Amatoxins and phallotoxins are toxic cyclopeptides found in the genus Amanita and are among the predominant causes of fatal food poisoning in China. In the treatment of Amanita mushroom poisoning, an early and definite diagnosis is necessary for a successful outcome, which has prompted the development of protocols for the fast and confirmatory determination of amatoxins and phallotoxins in human biological fluids. For this purpose, a simple, rapid and sensitive multiresidue UPLC-MS/MS method for the simultaneous determination of α-amanitin, β-amanitin, γ-amanitin, phalloidin (PHD) and phallacidin (PCD) in human plasma, serum and urine was developed and validated. The diluted plasma, serum and urine samples were directly purified with a novel PRiME technique on a 96-well μElution plate platform, which allowed high-throughput sample processing and low reagent consumption. After purification, a UPLC-MS/MS analysis was performed using positive electrospray ionization (ESI+) in multiple reaction monitoring (MRM) mode. This method fulfilled the requirements of a validation test, with good results for the limit of detection (LOD), lower limit of quantification (LLOQ), accuracy, intra- and inter-assay precision, recovery and matrix effects. All of the analytes were confirmed and quantified in authentic plasma, serum and urine samples obtained from cases of poisoning using this method. Using the PRiME μElution technique for quantification reduces labor and time costs and represents a suitable method for routine toxicological and clinical emergency analysis. Full article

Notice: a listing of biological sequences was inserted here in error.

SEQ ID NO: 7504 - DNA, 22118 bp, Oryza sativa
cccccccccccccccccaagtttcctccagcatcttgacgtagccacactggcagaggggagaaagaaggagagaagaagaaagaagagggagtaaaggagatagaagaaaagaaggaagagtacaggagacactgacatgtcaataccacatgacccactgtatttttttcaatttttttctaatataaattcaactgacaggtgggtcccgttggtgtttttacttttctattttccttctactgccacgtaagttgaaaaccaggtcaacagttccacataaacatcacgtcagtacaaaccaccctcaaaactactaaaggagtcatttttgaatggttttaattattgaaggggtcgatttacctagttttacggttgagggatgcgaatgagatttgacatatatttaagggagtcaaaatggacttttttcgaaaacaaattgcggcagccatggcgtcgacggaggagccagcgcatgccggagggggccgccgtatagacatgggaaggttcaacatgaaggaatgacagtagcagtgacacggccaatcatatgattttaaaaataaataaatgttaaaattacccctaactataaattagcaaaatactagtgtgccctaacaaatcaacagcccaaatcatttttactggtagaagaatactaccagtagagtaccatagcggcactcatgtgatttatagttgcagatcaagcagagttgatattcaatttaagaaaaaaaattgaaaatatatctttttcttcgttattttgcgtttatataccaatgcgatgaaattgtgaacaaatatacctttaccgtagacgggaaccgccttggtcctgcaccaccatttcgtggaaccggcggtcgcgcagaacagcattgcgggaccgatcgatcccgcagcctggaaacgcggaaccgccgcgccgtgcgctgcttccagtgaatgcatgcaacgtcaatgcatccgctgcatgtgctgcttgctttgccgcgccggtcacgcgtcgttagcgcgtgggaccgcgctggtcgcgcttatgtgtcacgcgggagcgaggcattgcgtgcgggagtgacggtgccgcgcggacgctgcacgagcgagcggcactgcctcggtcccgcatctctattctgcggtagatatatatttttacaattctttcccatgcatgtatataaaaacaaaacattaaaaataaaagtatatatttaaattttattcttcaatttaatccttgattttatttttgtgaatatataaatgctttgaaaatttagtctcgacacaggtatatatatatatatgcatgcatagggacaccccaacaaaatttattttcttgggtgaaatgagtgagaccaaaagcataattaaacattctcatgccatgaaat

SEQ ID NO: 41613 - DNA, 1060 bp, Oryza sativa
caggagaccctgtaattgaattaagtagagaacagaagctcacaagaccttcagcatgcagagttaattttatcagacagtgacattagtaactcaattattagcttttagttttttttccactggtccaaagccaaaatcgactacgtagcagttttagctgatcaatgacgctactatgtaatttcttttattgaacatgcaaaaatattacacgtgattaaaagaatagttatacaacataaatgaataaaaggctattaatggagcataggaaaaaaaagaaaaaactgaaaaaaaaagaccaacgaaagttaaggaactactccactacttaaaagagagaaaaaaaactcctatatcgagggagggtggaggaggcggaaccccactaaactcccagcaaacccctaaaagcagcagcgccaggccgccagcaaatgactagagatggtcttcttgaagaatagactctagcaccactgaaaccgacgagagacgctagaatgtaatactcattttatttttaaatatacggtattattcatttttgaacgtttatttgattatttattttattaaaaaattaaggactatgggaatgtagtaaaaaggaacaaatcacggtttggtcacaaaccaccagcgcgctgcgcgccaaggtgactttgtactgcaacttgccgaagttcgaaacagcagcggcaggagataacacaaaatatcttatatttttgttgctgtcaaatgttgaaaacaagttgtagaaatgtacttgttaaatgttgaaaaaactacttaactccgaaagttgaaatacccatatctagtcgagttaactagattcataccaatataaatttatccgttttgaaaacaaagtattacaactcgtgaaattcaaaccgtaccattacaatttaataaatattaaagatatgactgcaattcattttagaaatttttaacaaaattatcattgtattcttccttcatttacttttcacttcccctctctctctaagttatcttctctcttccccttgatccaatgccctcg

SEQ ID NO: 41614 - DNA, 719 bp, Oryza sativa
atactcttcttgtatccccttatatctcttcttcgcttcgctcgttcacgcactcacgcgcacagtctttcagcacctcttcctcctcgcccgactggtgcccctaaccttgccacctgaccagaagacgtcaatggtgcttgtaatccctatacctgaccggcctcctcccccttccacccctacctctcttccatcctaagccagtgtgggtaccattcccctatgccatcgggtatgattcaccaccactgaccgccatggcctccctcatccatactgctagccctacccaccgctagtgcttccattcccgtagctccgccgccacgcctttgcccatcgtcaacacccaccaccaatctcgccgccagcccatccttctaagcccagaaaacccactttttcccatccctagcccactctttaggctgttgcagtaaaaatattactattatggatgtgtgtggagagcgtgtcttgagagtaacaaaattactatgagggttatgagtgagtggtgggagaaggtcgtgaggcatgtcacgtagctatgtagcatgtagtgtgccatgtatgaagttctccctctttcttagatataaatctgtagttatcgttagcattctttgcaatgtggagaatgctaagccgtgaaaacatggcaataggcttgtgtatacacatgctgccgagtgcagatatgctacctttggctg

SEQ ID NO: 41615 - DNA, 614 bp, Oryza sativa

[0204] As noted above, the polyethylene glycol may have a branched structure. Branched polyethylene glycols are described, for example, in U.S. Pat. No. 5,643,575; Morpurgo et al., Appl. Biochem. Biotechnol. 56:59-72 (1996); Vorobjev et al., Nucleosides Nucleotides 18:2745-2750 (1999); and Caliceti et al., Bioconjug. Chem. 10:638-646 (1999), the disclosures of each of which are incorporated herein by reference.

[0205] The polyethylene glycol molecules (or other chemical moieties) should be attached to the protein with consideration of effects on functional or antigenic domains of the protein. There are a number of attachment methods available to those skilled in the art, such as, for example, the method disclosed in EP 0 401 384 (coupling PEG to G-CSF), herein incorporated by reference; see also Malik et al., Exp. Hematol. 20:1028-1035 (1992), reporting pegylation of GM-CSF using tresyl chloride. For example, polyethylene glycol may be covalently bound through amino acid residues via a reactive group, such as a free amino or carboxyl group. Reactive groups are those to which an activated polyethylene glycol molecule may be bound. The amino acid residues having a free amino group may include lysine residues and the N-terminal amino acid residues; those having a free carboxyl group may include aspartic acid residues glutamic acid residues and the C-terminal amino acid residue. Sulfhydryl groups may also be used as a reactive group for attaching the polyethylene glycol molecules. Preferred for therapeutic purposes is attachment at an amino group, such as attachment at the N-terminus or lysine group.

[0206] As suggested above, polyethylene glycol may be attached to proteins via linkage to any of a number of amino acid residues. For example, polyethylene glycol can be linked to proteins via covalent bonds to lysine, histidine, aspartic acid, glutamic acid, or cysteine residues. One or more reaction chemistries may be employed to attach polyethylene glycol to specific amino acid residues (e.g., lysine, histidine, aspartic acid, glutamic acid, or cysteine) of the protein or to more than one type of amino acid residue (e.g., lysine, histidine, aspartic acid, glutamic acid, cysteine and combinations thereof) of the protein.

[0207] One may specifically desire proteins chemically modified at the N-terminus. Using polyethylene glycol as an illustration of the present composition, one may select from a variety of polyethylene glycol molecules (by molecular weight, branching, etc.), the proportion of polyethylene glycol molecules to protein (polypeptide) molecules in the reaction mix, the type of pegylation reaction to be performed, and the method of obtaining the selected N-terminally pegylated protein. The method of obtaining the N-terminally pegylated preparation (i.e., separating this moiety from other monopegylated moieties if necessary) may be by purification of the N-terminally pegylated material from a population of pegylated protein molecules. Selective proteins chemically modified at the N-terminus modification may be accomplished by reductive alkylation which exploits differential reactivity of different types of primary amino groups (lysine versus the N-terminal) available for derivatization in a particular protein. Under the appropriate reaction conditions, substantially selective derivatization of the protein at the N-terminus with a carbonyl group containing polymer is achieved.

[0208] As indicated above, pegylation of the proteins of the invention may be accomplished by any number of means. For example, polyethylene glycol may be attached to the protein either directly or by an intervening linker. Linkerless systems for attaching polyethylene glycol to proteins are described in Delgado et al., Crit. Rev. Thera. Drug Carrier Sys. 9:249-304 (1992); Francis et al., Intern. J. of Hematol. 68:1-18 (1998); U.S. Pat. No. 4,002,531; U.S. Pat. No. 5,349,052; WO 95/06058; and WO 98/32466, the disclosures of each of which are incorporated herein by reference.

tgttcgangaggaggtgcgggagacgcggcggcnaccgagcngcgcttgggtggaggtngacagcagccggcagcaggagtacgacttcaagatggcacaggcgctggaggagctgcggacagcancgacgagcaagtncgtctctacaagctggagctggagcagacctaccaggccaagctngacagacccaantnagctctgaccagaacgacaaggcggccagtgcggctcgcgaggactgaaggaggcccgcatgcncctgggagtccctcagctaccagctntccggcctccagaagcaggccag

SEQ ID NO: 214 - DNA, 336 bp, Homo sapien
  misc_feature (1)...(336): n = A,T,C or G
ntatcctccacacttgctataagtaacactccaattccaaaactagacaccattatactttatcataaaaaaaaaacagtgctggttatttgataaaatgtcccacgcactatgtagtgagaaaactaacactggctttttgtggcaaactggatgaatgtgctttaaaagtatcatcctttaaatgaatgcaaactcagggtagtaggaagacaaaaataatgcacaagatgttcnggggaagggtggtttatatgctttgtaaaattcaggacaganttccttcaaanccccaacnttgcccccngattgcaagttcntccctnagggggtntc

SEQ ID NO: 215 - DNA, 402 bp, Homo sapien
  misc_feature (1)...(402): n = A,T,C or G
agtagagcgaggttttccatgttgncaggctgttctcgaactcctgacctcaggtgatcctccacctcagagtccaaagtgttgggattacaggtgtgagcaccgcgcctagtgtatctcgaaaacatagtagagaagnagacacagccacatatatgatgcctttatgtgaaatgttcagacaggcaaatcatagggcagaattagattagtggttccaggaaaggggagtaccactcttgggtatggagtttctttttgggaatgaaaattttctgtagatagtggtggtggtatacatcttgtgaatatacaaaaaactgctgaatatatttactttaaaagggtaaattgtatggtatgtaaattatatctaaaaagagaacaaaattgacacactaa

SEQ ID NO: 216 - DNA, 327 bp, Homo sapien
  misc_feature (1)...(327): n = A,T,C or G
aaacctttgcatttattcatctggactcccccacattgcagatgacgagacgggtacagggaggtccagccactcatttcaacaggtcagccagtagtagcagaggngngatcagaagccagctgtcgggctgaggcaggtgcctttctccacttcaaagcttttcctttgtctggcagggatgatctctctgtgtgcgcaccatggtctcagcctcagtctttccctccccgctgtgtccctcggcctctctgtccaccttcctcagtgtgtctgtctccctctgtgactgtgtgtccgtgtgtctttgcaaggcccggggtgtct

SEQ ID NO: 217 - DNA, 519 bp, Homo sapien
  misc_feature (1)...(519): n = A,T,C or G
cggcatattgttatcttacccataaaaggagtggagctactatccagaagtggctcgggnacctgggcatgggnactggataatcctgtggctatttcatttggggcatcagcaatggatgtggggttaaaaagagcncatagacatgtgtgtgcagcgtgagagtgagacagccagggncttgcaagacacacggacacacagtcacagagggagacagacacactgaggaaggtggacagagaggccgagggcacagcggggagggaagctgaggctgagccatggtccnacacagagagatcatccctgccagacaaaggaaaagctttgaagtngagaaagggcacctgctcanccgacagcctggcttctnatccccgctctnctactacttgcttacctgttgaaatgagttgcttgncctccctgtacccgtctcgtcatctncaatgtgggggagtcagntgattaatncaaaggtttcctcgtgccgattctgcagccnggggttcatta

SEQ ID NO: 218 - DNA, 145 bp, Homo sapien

(This article belongs to the Section Mycotoxins)
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Open AccessArticle Pathway for Biodegrading Nodularin (NOD) by Sphingopyxis sp. USTB-05
Received: 27 January 2016 / Revised: 8 April 2016 / Accepted: 13 April 2016 / Published: 4 May 2016
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Abstract
Nodularin (NOD) is greatly produced by Nodularia spumigena and released into the environment when toxic cyanobacterial blooms happened in natural water body, which is seriously harmful to human and animals. The promising bacterial strain of Sphingopyxis sp. USTB-05 was found to have an [...] Read more.